EDNAOL 2016JUN07 TA 01Fig2

In summary, when looking in the scanstate block data in this example for the scan load operation, one would see the desired cell data 11100 whereas the translated shift data for loading these states into the cells would be 10011. Similarly for the unloading process the expected cell states of 11100 would show-up on the SCO pin after translation as 01100. Some common issues
Having looked at a very large number of WGL files with scan present, there are a number of common problems/misunderstandings which seem to fall into one of the following categories:

  1. Not taking logic inversions between scan cells into account properly
  2. Sharing of scan cells between different scan chains
  3. Having duplicated cell names appear in a single chain As illustrated in the discussion above, it is easy to misunderstand the concept of cell data vs. shift data and how this can affect the translation of scan data present in the scanstate block of a WGL file to shift data that all ATE require. A second issue that can affect the resulting data mapping between cell data and shift data is when different scan chains share scan cells. Obviously this would require that chains with shared cells are not used at the same time, but we have seen cases where this restraint was not observed and cell data from one scanstate load overwrites that from another. The third issue listed above arises when there are duplicated scan cells in the same scan chain. In one case on a scan chain for example, we found that at the end of the chain (just before the last cell) there were 10 cells duplicated, preceded by another 10 cells duplicated. However when you specify in the scanstates an assignment of 001100110011......001100110011 the 10 data bits after the first one are all being assigned to the same cell; only the last one will stick. It is not clear why the WGL file has these duplicated cells in some scan chains: perhaps to make the total scan lengths equal, or because the names were written without a bus index, or some other reason. But the scanstate data being assigned to them will not result in the shift patterns you would normally expect. Other issues we see that can affect how scanstate data ends up getting mapped to shift data are related to the practice of not assigning the scan cell data directly to the cells individually, but rather to cell groups which are usually specified as the reverse order of the scan chain cells. This is so that the order of the scanstate data looks more like a shift order (left-most bit is first bit in/out). In any case, this opens up an additional possible effect when the reverse order group has an error, so the cell data does not end up in the expected cell. Finally, when performing a scan operation in WGL all other non-scan signals are held in a constant state (of course clocks can be running). One interesting by-product of this is that WGL syntax has a hard time implementing a JTAG protocol which usually requires one non-scan signal to change state during the last scan bit. The attempts we have seen to get around this are often incorrect or violate WGL semantics rules. About the author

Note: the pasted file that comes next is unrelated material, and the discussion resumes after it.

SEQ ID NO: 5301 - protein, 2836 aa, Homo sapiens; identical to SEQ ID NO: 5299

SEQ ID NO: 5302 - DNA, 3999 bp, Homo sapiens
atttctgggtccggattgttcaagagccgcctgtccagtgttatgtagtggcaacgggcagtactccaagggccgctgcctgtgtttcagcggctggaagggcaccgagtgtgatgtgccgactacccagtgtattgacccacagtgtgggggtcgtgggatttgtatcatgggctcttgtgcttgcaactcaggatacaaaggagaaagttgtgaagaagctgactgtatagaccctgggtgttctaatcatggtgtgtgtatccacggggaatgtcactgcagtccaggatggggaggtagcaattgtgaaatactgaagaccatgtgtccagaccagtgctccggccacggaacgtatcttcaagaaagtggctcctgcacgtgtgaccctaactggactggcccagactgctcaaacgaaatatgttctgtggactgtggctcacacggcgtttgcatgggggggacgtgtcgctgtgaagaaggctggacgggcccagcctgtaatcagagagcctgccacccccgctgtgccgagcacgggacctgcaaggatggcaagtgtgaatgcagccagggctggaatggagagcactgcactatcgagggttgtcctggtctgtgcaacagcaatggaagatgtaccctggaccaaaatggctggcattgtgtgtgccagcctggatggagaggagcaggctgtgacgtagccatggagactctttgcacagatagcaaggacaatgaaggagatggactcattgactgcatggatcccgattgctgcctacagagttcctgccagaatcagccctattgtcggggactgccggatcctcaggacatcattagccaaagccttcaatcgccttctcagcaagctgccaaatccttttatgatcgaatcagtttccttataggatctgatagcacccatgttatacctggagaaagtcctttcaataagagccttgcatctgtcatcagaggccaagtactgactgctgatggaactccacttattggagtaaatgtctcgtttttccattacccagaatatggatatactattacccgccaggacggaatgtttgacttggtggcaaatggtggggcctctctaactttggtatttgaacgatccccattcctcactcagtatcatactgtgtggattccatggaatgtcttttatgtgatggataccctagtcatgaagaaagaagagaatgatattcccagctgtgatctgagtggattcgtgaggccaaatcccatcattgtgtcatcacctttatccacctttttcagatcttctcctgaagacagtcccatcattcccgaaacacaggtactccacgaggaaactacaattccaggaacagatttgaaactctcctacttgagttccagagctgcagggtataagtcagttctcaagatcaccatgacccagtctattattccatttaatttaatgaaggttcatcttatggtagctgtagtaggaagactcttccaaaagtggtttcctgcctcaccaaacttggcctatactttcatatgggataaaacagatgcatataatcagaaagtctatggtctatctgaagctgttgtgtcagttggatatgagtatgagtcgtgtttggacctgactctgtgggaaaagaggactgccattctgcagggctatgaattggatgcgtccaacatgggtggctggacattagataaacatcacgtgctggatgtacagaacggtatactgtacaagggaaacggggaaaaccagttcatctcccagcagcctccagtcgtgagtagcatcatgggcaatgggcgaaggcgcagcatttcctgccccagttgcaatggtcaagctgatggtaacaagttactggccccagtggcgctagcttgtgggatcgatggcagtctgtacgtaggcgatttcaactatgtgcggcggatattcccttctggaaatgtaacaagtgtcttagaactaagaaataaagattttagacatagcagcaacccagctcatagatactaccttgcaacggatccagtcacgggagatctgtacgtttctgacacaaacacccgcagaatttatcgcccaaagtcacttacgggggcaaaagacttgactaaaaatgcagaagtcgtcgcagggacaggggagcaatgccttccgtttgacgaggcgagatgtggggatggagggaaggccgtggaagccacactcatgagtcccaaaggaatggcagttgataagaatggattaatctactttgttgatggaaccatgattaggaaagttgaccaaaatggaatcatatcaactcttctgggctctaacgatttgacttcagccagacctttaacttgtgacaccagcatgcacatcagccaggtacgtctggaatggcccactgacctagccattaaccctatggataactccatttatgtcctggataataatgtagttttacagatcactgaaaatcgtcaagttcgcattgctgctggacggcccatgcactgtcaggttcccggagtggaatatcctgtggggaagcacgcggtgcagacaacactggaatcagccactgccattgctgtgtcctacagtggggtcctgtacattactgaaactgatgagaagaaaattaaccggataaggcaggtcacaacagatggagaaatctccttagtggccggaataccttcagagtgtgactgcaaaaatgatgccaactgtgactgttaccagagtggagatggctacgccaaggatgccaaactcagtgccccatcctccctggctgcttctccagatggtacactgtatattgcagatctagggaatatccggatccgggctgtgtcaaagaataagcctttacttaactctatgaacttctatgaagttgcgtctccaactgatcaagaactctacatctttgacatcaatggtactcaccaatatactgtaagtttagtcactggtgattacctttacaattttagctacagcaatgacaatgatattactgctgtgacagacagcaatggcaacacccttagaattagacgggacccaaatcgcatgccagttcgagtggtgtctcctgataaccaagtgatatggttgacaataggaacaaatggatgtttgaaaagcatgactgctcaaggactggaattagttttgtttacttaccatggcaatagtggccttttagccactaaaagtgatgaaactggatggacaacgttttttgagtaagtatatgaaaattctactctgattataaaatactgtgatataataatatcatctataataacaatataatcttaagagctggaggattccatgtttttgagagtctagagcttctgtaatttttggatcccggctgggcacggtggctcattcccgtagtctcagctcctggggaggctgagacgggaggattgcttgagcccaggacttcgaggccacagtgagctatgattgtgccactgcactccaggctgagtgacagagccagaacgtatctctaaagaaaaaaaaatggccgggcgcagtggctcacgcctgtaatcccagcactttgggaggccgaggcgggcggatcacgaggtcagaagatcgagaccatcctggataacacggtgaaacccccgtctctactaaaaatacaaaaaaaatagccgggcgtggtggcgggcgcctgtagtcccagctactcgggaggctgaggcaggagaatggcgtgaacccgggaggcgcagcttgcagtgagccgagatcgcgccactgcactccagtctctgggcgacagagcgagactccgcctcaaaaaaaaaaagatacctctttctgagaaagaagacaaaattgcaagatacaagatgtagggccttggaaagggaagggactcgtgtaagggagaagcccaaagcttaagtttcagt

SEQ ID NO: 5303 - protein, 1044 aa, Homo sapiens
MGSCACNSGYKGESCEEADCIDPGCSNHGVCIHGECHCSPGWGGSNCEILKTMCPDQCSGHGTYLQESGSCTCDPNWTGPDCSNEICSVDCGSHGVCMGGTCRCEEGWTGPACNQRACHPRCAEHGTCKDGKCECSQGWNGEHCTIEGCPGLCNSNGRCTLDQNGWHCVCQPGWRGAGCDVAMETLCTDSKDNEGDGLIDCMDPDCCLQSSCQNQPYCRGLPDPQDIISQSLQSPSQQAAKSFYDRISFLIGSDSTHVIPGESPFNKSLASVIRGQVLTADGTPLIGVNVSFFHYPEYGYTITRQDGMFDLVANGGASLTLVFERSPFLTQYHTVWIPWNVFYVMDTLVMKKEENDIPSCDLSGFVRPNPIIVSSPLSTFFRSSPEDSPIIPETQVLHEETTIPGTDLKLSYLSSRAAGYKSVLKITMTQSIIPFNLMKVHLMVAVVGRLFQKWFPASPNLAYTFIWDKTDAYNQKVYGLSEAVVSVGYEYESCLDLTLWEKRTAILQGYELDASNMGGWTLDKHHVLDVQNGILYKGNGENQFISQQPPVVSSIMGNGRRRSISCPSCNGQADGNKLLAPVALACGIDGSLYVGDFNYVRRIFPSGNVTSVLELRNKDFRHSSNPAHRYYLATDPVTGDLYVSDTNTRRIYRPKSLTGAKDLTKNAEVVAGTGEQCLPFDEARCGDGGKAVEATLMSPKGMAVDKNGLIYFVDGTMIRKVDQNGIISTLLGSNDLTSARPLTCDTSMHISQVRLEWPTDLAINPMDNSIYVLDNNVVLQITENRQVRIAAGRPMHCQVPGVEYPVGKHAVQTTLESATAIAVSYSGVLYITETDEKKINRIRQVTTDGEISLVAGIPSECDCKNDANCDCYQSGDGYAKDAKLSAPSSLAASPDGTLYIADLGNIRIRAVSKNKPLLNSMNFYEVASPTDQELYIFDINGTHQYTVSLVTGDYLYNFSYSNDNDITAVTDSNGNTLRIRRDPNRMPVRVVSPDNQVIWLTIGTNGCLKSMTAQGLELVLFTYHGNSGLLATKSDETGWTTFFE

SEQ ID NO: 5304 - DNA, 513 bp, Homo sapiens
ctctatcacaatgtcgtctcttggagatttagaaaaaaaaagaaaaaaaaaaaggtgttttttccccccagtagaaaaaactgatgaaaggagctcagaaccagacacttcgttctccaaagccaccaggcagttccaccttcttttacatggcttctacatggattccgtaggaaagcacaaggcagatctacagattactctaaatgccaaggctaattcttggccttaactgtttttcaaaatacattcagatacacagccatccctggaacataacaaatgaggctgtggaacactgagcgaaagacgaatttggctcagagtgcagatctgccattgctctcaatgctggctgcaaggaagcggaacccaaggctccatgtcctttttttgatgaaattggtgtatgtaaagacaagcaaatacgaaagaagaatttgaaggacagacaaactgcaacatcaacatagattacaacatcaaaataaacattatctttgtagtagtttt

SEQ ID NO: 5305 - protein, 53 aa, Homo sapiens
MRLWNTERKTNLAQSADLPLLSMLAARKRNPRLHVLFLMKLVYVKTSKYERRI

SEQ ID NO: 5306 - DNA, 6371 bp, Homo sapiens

John Cosley is president of Source III, a maker of simulation and test data management tools that focus on the creation, translation, and analysis of vector data used or generated by logic simulators, ATPG, and ATE.